With general manager Ben Cherington traveling, assistant GM Brian O’Halloran spoke about the deal. The Sox, he said, are convinced Hanrahan’s control issues can be cured.
“We looked at that very closely, we think that there are some reasons that we saw the uptick in walks,” O’Halloran said. “We’re going to talk to Joel and [Farrell] has already started that process. It’s not something that we’re concerned about long term. We believe that we’re going to get the guy that has been a great closer for two years.”
Farrell felt that Hanrahan used his third pitch, a cutter, too often. He also lacked precision in non-save situations - walking 16 in 22 innings.
“There’s more to command when you add a different pitch,” Farrell said. “It’s important for any pitcher to rely on their strengths.”
Bailey allowed 12 earned runs on 21 hits and 8 walks in 15.1 innings last season and blew three saves in nine chances. He did not respond to requests for comment on his new role. But Farrell said Bailey understood why the Sox made the trade.
“He was professional. He’s confident in himself and confident he’ll be able to pitch to the level he did in 2011 and is very much a team guy,” Farrell said. “He feels like he’ll regain that form needed for us to get better and deeper.”
Bailey's biggest issue is staying on the field. Injuries have limited him to 108 games the last three years.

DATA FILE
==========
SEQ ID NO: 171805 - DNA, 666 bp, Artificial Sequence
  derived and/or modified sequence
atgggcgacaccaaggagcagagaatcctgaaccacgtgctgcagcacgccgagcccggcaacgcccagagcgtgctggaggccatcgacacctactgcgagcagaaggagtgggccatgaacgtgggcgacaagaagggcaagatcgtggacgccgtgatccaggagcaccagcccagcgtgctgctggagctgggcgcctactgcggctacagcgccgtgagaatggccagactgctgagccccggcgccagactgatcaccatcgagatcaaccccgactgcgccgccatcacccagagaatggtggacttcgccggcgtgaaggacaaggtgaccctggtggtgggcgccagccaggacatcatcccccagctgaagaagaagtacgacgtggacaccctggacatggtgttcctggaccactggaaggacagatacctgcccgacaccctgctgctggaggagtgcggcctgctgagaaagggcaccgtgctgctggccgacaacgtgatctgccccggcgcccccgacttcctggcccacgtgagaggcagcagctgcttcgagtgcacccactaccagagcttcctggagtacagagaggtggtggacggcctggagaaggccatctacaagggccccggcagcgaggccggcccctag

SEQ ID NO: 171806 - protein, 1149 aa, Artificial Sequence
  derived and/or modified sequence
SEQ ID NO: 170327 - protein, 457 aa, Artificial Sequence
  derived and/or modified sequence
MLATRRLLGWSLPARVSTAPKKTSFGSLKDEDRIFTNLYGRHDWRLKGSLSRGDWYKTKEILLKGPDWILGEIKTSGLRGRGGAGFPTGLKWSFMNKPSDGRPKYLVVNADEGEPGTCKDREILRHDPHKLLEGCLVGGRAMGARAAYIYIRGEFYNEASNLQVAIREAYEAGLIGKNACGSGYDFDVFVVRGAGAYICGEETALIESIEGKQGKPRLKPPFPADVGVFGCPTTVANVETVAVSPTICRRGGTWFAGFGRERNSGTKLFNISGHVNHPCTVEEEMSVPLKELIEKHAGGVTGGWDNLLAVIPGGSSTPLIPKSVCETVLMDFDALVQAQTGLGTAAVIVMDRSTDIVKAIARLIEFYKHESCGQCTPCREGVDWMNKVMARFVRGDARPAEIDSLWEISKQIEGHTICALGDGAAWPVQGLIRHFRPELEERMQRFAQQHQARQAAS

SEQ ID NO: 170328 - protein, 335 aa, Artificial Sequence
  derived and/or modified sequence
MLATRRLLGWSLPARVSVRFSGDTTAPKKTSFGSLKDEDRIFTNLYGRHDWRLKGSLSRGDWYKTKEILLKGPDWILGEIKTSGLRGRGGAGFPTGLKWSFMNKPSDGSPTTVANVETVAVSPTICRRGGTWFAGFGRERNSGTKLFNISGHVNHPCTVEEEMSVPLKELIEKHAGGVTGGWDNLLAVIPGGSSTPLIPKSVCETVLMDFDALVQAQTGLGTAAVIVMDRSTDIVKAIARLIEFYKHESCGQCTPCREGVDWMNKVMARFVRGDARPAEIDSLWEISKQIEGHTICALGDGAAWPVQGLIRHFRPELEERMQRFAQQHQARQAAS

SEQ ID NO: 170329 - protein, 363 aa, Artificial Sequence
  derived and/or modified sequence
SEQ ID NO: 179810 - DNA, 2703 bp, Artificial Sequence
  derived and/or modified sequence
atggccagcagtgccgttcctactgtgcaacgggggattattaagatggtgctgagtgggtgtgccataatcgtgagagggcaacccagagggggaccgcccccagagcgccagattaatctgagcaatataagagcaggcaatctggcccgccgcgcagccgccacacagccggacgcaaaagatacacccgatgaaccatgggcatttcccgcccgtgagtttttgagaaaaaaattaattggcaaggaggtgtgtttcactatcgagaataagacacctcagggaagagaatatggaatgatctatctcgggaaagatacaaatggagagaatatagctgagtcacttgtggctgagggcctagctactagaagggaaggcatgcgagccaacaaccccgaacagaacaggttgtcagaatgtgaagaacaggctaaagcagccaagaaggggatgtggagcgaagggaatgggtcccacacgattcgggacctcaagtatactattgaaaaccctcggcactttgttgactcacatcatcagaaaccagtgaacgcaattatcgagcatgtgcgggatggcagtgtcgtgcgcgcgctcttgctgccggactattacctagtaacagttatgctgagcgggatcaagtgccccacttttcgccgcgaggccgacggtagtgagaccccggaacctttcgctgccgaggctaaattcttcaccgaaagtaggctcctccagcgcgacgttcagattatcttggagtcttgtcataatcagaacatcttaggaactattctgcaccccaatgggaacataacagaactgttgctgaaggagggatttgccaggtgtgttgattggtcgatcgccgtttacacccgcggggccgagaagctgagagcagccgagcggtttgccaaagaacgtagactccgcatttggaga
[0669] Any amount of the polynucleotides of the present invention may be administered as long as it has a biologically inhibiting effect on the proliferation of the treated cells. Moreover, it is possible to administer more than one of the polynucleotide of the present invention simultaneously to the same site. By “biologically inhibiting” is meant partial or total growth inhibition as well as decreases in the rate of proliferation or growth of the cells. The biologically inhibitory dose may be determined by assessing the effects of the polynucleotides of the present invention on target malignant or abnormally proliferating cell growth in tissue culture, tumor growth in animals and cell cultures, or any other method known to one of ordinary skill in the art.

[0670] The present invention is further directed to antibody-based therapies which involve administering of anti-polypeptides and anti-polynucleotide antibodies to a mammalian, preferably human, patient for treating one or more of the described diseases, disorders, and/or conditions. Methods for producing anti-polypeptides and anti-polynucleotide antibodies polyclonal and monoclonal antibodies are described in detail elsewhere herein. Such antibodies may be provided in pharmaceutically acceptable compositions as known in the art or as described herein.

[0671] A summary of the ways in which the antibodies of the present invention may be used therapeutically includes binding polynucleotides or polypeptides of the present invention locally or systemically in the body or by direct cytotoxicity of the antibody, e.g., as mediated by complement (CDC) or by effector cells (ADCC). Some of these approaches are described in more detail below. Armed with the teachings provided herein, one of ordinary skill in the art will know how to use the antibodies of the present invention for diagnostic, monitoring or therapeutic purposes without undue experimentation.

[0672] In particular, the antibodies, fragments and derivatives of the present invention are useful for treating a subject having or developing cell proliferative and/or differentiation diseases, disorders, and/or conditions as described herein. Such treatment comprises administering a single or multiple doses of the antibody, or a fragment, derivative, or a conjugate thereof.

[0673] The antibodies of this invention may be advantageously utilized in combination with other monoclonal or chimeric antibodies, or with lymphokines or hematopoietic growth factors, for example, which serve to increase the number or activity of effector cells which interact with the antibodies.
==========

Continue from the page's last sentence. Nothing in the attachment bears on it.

The Red Sox potentially have a strong, versatile bullpen, having added Hanrahan and righthander Koji Uehara to a group that included Bailey, Junichi Tazawa, Alfredo Aceves, Craig Breslow, Franklin Morales, and Andrew Miller. The Sox also hope Daniel Bard can rebound after a disastrous 2012 season.
“We have created depth that will allow us to rest the closer when needed,” Farrell said. “If they pitch up to their capability, it’s strong group.”
The Red Sox took notice of Hanrahan during an interleague series in Pittsburgh in 2011. In two saves against the Sox, Hanrahan threw 25 of his 35 pitches for strikes before sellout crowds.
His four-pitch strikeout of Adrian Gonzalez with a runner on second base to preserve a 6-4 victory on June 25 was a career highlight for Hanrahan.
“When people look back at me as a Pirate, that’s one that stands out the most to them. It was a fun weekend,” he said.
Said O'Halloran: "It definitely made an impression on me. I hadn’t seen very much of him. I’d seen him just a little bit here and there prior to that, and that was pretty impressive. If you go back and look at the video of that, it was not fun to be in the batter’s box against Joel Hanrahan, I’m sure, for our hitters. We’re excited to have him on our side.”
Hanrahan has never pitched in Fenway Park or even visited the ballpark.
“It’s change of pace from the NL Central but I think it’s going to be great,” Hanrahan said.
Hanrahan will be a free agent after the 2013 season. He is eligible for arbitration and in line to land a one-year contract worth roughly $7 million.